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Chamber and committees

Meeting of the Parliament

Meeting date: Thursday, September 14, 2023


United Nations Convention on the Rights of the Child (Incorporation) (Scotland) Bill

The Deputy Presiding Officer (Annabelle Ewing)

The next item of business is a debate on motion S6M-10429, in the name of Shirley-Anne Somerville, on United Nations Convention on the Rights of the Child (Incorporation) (Scotland) Bill reconsideration.


The Cabinet Secretary for Social Justice (Shirley-Anne Somerville)

Our programme for government includes a commitment to invite the Scottish Parliament to bring back the United Nations Convention on the Rights of the Child (Incorporation) (Scotland) Bill for reconsideration. That is the invitation that I make to Parliament this afternoon.

As the First Minister set out in his policy prospectus, we remain absolutely committed to Scotland being the first United Kingdom nation to incorporate the UNCRC into domestic law, ensuring that we are a country that respects, protects and fulfils children’s rights. The path to achieving that has not been straightforward. The United Nations Convention on the Rights of the Child (Incorporation) (Scotland) Bill was unanimously passed by the Scottish Parliament in March 2021 but, in October 2021, following a referral by UK law officers, the UK Supreme Court found certain provisions in the bill to be outwith the legislative competence of the Scottish Parliament.

On 27 June, I provided a statement to Parliament in which I explained how we propose to amend the bill in response to that judgment and the impact that that will have on the coverage for children’s rights in respect of the compatibility duty. I explained that, in drafting amendments to the compatibility duty, we tried to balance three important considerations: protecting children’s rights to the maximum effective extent possible; minimising the risk of another Supreme Court referral; and making the law as accessible as possible for users.

In balancing those considerations, I reached the conclusion that the maximum effective coverage is for the compatibility duty to apply only when a public authority is delivering devolved functions conferred by or under acts of the Scottish Parliament or common-law powers. That means that the duty will not apply when powers are delivered under acts of the UK Parliament, even in devolved areas and even where the legislation requires or gives discretion to a public authority to act compatibly.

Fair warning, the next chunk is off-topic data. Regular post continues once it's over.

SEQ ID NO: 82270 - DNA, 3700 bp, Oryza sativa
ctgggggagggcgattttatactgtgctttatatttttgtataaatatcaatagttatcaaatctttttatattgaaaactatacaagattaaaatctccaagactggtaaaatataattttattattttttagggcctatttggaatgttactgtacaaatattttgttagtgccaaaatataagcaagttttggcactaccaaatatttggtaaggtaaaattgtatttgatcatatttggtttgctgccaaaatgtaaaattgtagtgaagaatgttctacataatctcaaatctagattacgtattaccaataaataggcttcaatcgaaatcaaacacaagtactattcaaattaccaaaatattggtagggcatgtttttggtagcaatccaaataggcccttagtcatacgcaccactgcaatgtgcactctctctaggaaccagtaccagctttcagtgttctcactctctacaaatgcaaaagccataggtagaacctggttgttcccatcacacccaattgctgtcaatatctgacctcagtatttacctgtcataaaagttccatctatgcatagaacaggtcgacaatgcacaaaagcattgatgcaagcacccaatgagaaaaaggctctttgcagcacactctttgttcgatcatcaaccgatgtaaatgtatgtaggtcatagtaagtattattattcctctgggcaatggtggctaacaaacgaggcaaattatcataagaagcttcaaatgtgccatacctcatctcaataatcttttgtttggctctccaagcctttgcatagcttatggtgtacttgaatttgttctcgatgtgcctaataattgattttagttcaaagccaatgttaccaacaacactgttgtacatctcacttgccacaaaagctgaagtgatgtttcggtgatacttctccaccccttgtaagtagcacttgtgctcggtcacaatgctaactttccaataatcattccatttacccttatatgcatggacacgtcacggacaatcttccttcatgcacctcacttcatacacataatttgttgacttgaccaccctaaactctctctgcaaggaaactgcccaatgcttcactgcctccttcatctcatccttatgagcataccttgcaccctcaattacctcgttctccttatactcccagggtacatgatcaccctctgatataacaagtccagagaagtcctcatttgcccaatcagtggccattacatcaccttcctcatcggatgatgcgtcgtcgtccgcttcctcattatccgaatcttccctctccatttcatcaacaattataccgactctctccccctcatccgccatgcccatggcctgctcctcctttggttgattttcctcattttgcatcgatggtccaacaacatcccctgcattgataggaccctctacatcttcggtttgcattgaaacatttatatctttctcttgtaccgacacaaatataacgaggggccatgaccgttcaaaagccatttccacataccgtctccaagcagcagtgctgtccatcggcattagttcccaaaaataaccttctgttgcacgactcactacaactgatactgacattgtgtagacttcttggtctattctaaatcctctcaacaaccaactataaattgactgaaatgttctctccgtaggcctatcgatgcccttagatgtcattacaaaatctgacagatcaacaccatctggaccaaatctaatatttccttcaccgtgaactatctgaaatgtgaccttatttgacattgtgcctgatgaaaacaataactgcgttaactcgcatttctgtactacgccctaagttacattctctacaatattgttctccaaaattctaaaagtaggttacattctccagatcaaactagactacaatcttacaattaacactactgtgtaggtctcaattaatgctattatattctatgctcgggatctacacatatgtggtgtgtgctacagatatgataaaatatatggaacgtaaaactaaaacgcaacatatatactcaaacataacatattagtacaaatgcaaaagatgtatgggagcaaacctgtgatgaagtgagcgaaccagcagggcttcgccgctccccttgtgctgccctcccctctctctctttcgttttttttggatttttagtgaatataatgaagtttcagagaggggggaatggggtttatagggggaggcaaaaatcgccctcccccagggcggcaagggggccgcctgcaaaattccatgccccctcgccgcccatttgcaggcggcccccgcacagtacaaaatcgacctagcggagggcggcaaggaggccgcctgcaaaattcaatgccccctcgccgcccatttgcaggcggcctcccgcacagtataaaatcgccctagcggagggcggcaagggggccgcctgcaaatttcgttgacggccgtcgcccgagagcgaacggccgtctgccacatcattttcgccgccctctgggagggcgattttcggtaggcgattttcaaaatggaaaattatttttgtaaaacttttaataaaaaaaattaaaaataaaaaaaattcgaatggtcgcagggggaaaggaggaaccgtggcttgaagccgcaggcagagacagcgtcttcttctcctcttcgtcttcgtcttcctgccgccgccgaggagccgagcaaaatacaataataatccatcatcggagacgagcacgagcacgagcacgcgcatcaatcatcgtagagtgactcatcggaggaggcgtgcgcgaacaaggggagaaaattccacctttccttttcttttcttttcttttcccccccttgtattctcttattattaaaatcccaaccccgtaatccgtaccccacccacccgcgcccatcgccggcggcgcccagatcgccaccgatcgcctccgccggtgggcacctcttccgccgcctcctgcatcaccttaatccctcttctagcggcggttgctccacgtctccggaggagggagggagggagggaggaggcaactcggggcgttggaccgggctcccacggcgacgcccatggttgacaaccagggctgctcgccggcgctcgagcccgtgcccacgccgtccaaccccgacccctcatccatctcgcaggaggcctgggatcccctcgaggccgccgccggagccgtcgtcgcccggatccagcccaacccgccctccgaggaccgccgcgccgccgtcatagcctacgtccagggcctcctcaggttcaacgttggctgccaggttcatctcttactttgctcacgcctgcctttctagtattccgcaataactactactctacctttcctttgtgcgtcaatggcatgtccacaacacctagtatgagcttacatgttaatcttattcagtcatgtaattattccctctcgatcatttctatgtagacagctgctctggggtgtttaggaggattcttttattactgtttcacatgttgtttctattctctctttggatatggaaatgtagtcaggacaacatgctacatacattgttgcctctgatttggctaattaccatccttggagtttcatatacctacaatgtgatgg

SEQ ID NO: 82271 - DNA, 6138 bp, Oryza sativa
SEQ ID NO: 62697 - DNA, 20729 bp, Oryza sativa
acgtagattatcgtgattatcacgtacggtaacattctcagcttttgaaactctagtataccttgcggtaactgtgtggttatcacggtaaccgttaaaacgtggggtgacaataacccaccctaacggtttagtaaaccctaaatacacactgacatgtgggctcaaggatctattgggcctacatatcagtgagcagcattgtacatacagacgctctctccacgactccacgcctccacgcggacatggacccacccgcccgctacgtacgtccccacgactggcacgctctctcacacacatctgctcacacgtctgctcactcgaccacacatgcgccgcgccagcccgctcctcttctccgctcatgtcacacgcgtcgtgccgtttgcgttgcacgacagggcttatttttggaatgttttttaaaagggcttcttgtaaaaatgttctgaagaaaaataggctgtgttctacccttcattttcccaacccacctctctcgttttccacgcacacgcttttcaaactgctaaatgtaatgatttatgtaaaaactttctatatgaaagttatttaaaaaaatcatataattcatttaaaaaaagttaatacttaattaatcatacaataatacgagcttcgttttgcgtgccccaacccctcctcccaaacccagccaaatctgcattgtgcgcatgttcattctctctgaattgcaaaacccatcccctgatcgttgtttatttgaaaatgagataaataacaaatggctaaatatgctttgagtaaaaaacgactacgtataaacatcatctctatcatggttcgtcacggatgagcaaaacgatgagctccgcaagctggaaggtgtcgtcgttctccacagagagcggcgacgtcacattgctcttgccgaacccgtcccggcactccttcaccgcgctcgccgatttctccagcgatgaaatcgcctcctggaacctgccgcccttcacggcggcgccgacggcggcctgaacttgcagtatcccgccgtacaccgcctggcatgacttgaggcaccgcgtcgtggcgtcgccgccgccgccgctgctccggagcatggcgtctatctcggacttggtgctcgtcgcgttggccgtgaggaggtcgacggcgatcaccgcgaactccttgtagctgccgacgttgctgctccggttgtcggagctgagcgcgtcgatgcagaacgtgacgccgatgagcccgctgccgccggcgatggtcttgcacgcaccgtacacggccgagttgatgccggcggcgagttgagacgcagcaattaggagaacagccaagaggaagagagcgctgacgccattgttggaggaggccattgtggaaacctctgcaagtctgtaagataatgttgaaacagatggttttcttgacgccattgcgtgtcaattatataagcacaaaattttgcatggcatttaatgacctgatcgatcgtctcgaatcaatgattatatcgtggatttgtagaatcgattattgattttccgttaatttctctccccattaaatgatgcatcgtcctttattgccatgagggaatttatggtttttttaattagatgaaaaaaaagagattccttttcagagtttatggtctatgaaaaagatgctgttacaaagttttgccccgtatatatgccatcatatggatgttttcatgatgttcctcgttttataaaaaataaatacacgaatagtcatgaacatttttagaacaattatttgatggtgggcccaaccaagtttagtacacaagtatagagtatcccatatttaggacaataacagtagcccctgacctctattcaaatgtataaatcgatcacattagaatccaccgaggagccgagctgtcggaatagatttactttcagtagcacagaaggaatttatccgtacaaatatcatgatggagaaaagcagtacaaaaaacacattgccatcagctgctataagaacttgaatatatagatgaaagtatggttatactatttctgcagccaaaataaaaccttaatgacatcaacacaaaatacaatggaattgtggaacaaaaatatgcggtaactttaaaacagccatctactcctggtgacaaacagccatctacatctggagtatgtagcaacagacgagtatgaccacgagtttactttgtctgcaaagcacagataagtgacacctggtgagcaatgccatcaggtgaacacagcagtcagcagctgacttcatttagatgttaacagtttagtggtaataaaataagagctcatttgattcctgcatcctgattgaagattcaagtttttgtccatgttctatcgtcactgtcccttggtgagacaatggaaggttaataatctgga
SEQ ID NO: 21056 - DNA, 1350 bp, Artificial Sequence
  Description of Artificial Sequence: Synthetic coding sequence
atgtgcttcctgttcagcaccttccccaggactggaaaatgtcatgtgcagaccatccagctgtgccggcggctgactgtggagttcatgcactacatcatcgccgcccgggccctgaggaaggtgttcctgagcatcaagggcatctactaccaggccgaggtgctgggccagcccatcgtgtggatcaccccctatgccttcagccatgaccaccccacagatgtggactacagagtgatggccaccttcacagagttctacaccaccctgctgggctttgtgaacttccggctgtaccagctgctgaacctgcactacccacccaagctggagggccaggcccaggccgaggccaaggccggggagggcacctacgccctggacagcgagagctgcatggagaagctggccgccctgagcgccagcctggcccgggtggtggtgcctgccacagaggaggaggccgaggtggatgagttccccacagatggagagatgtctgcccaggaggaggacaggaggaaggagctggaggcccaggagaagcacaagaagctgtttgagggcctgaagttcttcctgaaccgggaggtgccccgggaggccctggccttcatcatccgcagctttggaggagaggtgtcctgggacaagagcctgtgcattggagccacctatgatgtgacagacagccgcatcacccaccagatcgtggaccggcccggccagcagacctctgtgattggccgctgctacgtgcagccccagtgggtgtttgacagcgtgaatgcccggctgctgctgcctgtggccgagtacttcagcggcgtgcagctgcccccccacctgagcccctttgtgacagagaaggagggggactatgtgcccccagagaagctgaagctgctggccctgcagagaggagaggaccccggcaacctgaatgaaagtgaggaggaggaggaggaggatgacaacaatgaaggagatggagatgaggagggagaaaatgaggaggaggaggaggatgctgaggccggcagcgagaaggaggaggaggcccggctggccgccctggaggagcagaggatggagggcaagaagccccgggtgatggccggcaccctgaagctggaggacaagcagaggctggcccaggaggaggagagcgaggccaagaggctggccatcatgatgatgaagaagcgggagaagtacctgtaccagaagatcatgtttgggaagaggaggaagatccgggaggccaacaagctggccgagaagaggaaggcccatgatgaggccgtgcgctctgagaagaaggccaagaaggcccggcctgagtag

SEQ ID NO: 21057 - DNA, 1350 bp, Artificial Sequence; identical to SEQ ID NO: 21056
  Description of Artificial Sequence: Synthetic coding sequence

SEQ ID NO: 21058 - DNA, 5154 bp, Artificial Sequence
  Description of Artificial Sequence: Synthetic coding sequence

Will the cabinet secretary take an intervention?

Will the cabinet secretary take an intervention?

I will start with Maggie Chapman.

Maggie Chapman

The cabinet secretary has just outlined that we will not be able to act in Scotland to uphold children’s rights under the compatibility duty if it is determined that powers are with the UK Government and UK Government legislation. What does she think that that means for the rights and services that we deliver for and to children in Scotland, given the wide-reaching implications of UK acts such as the Illegal Migration Act 2023?

Shirley-Anne Somerville

I share Maggie Chapman’s concerns about the Illegal Migration Act 2023. We have, of course, debated that in the chamber a number of times. Maggie Chapman is quite right to point out that there are a number of important pieces of legislation that will not fall under the remit of the United Nations Convention on the Rights of the Child (Incorporation) (Scotland) Bill once it has, I hope, been passed by Parliament.

Martin Whitfield

The cabinet secretary rightly talked about the three tests that the Government applied. The second one was minimising the risk of another Supreme Court referral. There has been much discussion in the chamber over two years about contact between the Scottish Government and the UK Government. In the correspondence to the committee, there is an indication that the response from the UK Government was perhaps less than satisfactory. Can the cabinet secretary expand on that and on what potential challenges she fears might come down the line with regard to the amendments?

Shirley-Anne Somerville

I hope that Martin Whitfield will appreciate that the work that has gone on is legal advice work and that it is important that I respect the confidentiality not just of legal advice to the Scottish Government but of the office of the Advocate General. There have been numerous pieces of correspondence and work between officials on that. It is disappointing that we did not get to the point at which the office of the Advocate General and representatives of the UK Government could say that they were content with our proposed amendments. I thought that that would have been the point that we would get to. We are therefore at a suboptimal point on that issue, but we are content that our amendments are within competence.

In balancing the considerations, we have reached conclusions about maximum effective coverage, and that is a disappointing loss of coverage for children’s rights compared with what we originally hoped to achieve. Nevertheless, it represents the maximum effective coverage that we think we can achieve in the present devolved context.